"I say sir this TWA service really fits the bill."
- "Dammit you're right young fella ! You'll go far" - "Yes
sir, and all by TWZ..."
4.2 THE RITUALS OF CAPITALISM demand the highest standards
of story telling to the Board, to the Shareholders and a Mysterious
Removal of Trousers at the Statler in New York.
5. THE CHILD - GAWD BLESS EM,
the natural and most discerning of audiences. The storyteller's
perils of success, woken early with the Funnies. Tell me another. CLICHE
- but effective, John Houseman's creepy tale at the beginning of John
Carpenter's Halloween. "Now tell Santa what you want for Christmas...."
- "I always read my children to sleep, don't you..." But here's
the quandary. EXCELLENCE - is it a successful story, artfully concluded
or a story that ceases when the child sleeps.
5.1 The key image of the Mother Goose narrator - telling
and spinning - the folksy intimacy of the Norman Rockwell school room
5.2 The Narrator's ideal, to let the Tale do the Talking
and the elements of the Story condenses around the little chap's head.
5.3 But it can be most unsuitable - how crucial the
caption that reveals the tale.
Everywhere we see and hear advice as to improve performances
in this art of telling stories. Rarely do we contemplate failure - thinking
6.1 THE RUMOUR - the ultimate failure depicted by
many fine graphic artists (H.M.Bateman, Daumier, Fougasse and here
Norman Rockwell) often used to denigrate women - the Universality
6.2 FAILURES IN READING NARRATIVES - the visual aptness
in drawing, caption and the instant of Time in "Well, I finally
read him to sleep" with its trajectory of missile, dressing gown
and anticipated moments of leisure. The use of the book as a missile
is also a comment not only on the narrator's performance but also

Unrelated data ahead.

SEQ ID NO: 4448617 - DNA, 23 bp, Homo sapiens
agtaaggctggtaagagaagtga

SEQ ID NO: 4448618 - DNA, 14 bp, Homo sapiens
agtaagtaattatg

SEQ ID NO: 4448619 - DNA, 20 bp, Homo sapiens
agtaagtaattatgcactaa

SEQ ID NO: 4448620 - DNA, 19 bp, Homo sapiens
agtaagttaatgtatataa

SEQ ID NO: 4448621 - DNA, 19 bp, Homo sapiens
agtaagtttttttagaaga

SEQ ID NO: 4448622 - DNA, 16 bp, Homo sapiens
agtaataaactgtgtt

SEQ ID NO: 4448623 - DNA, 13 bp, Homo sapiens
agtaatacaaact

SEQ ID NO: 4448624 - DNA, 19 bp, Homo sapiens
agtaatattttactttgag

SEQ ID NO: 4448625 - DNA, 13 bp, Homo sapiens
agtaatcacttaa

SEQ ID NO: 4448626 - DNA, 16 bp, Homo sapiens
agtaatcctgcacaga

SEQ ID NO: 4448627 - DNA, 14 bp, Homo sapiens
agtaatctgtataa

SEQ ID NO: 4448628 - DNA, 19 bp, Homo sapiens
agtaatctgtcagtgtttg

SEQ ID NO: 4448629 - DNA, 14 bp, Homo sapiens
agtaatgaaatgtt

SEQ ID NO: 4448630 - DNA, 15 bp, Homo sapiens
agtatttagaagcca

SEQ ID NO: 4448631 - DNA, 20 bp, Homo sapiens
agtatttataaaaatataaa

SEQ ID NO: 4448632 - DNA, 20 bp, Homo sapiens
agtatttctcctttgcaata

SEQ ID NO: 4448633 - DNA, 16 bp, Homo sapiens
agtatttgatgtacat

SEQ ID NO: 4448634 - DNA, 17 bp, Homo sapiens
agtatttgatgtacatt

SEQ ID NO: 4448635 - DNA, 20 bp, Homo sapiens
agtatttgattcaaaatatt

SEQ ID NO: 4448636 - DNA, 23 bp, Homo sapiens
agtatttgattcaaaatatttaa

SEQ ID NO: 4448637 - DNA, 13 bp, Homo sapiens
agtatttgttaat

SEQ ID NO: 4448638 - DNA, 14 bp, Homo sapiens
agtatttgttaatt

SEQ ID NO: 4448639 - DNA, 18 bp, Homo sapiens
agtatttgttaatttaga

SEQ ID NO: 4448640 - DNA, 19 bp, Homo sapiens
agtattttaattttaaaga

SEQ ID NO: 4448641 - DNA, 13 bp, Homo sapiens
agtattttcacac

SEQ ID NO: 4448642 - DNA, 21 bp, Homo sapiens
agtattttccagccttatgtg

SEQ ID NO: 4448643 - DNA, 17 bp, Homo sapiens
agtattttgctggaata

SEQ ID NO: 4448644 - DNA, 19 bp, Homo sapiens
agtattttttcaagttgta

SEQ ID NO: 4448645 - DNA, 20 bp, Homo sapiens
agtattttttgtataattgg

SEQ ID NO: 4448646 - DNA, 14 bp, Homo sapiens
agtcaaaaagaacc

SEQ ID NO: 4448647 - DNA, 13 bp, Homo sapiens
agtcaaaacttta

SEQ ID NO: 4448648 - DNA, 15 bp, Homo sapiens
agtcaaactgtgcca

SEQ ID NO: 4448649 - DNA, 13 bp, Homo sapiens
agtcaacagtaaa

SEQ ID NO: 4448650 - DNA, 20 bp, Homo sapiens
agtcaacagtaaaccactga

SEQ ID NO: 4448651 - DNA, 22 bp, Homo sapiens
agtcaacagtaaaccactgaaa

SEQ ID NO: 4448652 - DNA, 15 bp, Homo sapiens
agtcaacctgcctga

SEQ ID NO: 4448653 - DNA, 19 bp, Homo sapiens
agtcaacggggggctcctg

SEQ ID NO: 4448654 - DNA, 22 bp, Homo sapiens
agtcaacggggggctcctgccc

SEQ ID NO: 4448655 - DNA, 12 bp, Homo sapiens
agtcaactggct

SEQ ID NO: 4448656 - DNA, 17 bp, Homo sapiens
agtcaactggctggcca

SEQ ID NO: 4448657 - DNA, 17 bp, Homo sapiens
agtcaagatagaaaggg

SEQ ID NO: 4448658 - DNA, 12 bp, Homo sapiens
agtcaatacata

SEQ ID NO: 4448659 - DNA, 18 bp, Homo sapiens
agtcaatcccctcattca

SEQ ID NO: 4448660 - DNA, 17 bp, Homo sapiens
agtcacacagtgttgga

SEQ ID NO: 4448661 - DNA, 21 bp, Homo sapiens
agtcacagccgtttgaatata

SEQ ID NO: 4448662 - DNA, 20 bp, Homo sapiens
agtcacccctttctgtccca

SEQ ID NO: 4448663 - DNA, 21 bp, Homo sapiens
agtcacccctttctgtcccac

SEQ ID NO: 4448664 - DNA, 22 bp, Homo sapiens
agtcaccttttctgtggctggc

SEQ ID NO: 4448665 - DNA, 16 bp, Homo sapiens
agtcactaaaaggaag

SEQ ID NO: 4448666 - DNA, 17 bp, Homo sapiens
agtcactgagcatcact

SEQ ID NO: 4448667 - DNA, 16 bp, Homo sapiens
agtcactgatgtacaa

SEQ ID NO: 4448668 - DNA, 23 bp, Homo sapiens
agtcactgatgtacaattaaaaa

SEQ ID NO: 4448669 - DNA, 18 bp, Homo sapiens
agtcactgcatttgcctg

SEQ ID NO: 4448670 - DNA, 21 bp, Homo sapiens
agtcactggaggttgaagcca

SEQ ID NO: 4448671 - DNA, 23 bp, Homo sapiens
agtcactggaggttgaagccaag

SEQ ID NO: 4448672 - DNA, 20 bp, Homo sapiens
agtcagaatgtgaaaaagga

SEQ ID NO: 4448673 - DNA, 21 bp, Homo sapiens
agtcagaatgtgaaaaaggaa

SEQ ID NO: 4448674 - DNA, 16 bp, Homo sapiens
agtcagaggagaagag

the quality of the Tale itself. A remarkable condemnation from somebody
who KNEW !
6.3 FAILED RESPONSES - BOREDOM - a telling graphic
challenge - boredom in drawing leads to boredom in the viewer's response
- so here
the metaphor for tedium and contempt - "Have
you tired of me Michelle?" -
the rare candour of "I am sorry, what were you
saying, I must have dozed off for a second."
"The man who needs no introduction.."
The graphic challenges here are metaphor, gesture,
expression and turn of phrase.
I conclude with a marvelous moment from Sondheim's dark
and resonating theatre piece Into The Woods, which has a power
for me who long detested the cosy urgings to the status quo of the Aesopic
fable, the whole Idea of Girls as Prizes and the resolute defence of
property values that Folk Tales propose. Sondheim proposes the experience
of those moments after the tales have been resolved, and the retaliation
has begun, with posturings, foolishness, and a vengeful recently widowed
Giantess who climbed the Beanstalk in search of her husband's murderers.
The Narrator whose complacent commentaries have acted
as an annoying counterpoint to the live action, the very epitome of
the Omniscient Suit, finds that the Characters pass judgment on him
in a magical moment when the soundproof, dimension proof, sound box
collapses, the membrane parts between Story Teller and Story - in an
act of wanton and delicious Human Sacrifice.